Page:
Individual Work
The 2015 Fukushima Pinup Calendar

The 2015 Fukushima Pinup Calendar adds another set of data points to The Good Fortune Land. As we look back on the years between 2011 and 2015, this Calendar is provided as a vivid reminder of the history of the five-year attempt to pretty up the picture. It was also a useful calendar online or printed, for home or office. It consists, of course, of the twelve months of the year – each month commemorating one of the extant issues surrounding the “control” of the plant and its surrounding water and land. In the spaces for each day, data from 2011, 2012, and 2013, and 2014 is recalled – along with the important holidays!

Author statement:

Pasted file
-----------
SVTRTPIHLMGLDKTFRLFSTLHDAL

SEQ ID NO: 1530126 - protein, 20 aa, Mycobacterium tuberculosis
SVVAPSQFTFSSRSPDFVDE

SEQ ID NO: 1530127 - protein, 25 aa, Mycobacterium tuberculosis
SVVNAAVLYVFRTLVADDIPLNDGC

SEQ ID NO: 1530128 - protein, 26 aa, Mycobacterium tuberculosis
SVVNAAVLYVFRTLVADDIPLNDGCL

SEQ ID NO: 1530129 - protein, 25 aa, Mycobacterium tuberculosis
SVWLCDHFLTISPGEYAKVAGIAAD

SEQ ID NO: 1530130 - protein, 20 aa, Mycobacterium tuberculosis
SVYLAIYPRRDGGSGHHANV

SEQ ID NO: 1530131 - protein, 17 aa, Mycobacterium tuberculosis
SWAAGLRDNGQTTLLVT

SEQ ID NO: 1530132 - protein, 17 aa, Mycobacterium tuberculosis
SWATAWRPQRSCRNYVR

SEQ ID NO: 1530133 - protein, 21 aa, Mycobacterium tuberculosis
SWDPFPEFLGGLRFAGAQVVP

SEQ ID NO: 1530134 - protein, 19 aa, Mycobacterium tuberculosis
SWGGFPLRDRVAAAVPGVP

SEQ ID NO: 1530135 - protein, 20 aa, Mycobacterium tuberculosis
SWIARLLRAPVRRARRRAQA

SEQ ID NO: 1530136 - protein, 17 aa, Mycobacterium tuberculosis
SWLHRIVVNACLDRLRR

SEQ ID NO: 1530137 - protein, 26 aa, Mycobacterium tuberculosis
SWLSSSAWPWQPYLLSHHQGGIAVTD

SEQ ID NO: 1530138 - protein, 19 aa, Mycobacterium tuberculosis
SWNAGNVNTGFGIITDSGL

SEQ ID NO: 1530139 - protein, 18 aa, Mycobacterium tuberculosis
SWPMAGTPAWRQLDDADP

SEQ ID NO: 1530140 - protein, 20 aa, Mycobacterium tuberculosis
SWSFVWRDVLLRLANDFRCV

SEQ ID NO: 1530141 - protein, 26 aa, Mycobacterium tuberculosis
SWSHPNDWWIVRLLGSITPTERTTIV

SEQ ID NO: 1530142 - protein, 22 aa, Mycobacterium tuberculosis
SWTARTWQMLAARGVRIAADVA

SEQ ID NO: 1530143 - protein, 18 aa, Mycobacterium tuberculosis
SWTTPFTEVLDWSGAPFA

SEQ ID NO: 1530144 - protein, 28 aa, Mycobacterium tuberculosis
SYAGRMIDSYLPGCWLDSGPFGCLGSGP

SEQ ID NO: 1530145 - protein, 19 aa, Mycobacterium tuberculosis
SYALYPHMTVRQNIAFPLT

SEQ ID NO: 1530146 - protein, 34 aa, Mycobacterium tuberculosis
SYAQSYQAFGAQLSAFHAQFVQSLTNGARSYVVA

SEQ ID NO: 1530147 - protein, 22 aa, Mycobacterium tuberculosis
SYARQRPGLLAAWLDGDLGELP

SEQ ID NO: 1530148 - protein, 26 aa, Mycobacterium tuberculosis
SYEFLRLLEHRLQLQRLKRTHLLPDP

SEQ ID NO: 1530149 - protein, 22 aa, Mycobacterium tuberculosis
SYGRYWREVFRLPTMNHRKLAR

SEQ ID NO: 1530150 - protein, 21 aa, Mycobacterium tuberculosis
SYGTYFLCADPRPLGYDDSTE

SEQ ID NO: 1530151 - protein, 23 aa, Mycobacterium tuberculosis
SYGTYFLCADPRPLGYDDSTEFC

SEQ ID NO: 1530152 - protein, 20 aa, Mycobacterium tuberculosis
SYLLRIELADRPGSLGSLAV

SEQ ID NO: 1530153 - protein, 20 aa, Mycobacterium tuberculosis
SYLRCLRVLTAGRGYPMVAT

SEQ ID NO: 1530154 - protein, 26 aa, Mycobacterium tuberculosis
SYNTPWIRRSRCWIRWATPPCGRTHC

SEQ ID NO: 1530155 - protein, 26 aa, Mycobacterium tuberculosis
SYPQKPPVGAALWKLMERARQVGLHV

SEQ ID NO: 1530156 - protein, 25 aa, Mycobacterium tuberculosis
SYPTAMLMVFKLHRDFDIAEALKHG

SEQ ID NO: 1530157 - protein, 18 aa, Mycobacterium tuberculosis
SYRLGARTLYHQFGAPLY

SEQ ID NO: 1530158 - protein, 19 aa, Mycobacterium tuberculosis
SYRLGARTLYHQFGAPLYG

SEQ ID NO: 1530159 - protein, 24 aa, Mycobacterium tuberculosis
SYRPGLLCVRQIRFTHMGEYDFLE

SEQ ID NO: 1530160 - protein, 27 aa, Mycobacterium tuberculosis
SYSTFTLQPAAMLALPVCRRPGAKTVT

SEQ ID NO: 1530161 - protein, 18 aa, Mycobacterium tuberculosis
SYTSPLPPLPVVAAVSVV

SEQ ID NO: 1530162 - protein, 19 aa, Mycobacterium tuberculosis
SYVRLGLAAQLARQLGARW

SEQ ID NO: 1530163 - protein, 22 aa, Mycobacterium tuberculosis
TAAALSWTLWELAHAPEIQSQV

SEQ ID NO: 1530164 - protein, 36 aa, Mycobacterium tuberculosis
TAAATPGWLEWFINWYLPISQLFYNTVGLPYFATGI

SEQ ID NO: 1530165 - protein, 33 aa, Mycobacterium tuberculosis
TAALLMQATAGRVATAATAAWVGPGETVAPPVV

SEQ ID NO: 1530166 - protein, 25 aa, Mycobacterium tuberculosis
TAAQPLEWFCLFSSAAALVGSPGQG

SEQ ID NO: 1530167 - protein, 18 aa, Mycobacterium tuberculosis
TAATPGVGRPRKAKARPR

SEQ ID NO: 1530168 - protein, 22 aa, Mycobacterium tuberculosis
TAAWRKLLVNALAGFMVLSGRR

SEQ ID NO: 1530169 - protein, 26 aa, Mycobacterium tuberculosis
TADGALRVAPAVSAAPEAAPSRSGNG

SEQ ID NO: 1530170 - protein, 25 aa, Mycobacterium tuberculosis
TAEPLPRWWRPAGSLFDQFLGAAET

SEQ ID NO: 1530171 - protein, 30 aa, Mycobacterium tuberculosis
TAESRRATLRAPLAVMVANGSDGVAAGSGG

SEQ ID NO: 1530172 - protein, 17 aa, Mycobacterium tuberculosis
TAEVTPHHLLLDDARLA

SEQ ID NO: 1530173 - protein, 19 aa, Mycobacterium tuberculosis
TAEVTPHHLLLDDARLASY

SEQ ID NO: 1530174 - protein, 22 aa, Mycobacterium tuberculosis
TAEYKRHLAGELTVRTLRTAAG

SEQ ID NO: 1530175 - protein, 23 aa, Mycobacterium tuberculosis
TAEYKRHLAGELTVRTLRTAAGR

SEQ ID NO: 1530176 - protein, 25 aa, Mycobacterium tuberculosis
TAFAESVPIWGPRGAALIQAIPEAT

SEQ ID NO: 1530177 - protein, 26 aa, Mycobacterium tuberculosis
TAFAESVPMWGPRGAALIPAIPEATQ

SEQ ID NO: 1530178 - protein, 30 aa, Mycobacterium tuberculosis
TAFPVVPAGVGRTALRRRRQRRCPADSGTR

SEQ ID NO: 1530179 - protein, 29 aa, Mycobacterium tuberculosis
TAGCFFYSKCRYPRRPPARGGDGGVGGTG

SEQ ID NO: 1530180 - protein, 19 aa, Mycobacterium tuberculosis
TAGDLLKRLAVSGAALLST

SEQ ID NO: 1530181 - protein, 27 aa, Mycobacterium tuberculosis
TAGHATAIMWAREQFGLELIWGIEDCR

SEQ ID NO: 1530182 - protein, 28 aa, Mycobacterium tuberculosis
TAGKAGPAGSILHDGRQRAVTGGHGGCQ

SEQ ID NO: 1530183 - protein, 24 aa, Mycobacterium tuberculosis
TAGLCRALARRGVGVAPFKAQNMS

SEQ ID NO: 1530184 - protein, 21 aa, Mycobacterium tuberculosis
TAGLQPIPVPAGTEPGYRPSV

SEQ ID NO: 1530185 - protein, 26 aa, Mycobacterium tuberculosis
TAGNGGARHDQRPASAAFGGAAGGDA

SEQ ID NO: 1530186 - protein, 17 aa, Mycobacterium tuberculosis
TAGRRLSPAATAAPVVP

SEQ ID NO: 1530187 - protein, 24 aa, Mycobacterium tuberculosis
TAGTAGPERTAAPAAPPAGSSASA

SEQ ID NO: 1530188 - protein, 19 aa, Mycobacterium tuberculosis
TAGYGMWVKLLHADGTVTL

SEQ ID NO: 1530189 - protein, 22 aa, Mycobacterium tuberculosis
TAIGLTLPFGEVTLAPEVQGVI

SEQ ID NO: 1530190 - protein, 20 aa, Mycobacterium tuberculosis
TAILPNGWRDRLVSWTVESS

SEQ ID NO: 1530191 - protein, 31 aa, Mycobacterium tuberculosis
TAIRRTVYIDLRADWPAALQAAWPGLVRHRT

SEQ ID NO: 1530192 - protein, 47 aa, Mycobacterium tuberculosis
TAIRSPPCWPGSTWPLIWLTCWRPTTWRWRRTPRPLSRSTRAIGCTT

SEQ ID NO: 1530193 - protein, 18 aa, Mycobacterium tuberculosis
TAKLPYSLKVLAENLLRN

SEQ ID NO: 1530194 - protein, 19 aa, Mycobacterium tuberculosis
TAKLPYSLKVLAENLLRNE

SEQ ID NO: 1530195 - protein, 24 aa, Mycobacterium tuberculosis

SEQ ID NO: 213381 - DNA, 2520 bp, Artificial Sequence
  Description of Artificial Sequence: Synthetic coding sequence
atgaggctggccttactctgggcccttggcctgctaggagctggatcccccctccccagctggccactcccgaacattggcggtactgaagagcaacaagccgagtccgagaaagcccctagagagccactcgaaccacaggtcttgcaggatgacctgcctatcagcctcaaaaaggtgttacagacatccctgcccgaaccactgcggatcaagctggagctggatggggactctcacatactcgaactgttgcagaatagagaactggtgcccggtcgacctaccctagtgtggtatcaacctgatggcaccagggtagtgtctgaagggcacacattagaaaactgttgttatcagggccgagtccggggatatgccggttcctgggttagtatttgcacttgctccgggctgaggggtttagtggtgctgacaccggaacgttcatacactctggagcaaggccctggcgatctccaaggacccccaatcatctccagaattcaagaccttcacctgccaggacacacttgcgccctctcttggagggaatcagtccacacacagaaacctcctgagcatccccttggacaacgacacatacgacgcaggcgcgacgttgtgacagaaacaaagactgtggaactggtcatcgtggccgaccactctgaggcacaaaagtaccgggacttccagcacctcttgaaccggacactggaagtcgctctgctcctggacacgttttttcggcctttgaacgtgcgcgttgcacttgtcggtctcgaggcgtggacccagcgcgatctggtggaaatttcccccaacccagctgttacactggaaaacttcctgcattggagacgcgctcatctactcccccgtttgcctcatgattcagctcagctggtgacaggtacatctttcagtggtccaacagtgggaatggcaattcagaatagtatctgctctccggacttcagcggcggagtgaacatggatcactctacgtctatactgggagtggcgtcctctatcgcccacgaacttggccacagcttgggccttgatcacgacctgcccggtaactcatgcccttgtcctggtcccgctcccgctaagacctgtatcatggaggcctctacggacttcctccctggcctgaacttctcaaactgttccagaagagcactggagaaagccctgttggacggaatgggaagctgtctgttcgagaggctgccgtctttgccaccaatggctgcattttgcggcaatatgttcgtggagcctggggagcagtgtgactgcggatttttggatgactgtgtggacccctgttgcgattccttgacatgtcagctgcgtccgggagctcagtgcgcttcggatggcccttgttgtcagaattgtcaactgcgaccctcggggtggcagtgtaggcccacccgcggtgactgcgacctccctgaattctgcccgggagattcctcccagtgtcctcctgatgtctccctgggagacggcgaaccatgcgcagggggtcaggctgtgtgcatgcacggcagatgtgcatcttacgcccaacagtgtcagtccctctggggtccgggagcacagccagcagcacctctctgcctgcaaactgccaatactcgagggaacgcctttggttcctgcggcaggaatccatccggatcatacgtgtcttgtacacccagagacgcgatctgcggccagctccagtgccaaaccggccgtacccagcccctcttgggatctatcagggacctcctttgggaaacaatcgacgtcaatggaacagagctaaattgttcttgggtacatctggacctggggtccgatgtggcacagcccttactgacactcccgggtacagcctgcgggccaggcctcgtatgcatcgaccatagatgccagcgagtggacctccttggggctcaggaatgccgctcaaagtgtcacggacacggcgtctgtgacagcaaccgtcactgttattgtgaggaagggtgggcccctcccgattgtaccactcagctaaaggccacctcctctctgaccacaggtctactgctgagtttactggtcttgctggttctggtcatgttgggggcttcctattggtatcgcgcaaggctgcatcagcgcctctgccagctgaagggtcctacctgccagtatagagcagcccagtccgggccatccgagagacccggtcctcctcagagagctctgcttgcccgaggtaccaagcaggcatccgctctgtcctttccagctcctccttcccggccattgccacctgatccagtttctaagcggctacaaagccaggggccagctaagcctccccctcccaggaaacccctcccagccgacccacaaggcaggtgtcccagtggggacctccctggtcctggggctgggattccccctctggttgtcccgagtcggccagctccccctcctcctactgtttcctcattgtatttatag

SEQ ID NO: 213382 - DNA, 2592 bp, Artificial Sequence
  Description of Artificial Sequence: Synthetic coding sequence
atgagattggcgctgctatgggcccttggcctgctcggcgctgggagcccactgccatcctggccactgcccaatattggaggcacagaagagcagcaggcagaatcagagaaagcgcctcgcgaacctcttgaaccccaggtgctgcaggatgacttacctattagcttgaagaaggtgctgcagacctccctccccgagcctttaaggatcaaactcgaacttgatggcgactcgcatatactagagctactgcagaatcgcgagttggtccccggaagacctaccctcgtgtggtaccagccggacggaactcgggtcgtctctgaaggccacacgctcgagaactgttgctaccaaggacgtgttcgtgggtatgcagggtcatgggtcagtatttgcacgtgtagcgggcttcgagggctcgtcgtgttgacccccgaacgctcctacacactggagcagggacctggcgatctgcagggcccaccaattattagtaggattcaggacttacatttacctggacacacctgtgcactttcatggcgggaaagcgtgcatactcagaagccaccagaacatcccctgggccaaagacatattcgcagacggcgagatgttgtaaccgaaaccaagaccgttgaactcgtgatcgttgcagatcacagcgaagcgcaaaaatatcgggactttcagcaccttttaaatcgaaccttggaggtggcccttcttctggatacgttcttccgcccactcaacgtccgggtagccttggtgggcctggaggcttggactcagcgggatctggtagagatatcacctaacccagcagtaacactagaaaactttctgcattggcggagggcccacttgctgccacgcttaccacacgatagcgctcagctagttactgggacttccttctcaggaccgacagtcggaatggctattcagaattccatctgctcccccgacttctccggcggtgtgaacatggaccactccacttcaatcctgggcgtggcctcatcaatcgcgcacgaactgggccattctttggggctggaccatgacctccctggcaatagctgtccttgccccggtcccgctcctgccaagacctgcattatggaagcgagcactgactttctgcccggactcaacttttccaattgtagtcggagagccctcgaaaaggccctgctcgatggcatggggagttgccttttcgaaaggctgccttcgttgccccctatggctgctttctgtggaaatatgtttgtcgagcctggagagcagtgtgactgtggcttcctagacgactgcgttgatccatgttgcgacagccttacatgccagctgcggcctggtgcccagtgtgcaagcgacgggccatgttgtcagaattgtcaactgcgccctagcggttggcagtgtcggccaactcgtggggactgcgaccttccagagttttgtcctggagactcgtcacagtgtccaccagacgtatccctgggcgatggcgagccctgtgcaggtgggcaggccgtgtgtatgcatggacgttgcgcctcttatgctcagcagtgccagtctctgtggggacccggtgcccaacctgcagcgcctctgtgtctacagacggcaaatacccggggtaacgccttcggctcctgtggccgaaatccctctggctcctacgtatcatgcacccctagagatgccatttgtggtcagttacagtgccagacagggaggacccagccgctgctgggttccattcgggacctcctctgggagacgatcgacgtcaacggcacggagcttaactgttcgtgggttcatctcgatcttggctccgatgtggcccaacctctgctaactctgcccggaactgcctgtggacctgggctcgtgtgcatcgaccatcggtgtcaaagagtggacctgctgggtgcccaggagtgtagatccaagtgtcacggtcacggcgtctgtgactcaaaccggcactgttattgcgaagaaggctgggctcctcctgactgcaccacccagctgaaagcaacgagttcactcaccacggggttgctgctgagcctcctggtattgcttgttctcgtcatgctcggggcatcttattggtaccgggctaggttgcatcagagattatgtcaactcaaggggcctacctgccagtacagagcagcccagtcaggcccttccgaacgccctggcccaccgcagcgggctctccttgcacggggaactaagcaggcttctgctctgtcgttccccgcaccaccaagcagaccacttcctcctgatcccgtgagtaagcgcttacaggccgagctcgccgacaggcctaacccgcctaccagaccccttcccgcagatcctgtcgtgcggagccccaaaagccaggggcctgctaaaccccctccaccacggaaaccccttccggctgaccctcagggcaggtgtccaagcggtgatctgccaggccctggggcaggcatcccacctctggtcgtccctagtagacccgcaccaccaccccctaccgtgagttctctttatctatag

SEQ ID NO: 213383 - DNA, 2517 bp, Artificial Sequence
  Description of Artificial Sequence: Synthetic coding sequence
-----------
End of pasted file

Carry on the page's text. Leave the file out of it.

The 2015 Fukushima Pinup Calendar is not a comprehensive account of the Fukushima Triple Melt-Through. Rather, since the disaster is relatively complicated, the figures inconsistent, and news reports mainly fragmentary and conflicting, I approached the subject with some specific (in a sense, artistic – since all art and literature involves limitation) constraints. Having closely followed reports from the few sources that had been covering Fukushima over almost four years – sources including TEPCO itself, the Daily Yomuri, Asahi News, Fukushima Diary, ENEnews, NHK World, and SimplyInfo, among others – I found I had collected hundreds of articles – and had access to many more through news archives. What sense to be made of all of this data (especially since this affair will be ongoing for many years)? I decided to choose one theme for each month of the year (the explosions, the land contamination, the health effects) – and, in the calendar for that month, to include only articles on that particular subject. June, for example, is the month for Water – and the problems relating to the radioactive water leaks from Fukushima. Surprisingly, choosing only the articles published in June 2011, 2012, 2013, and 2014, I had more than enough headlines to fill the boxes for individual days. The Calendar, then, is an impressionistic look at a continuing narrative – the end of which is unknown. . . .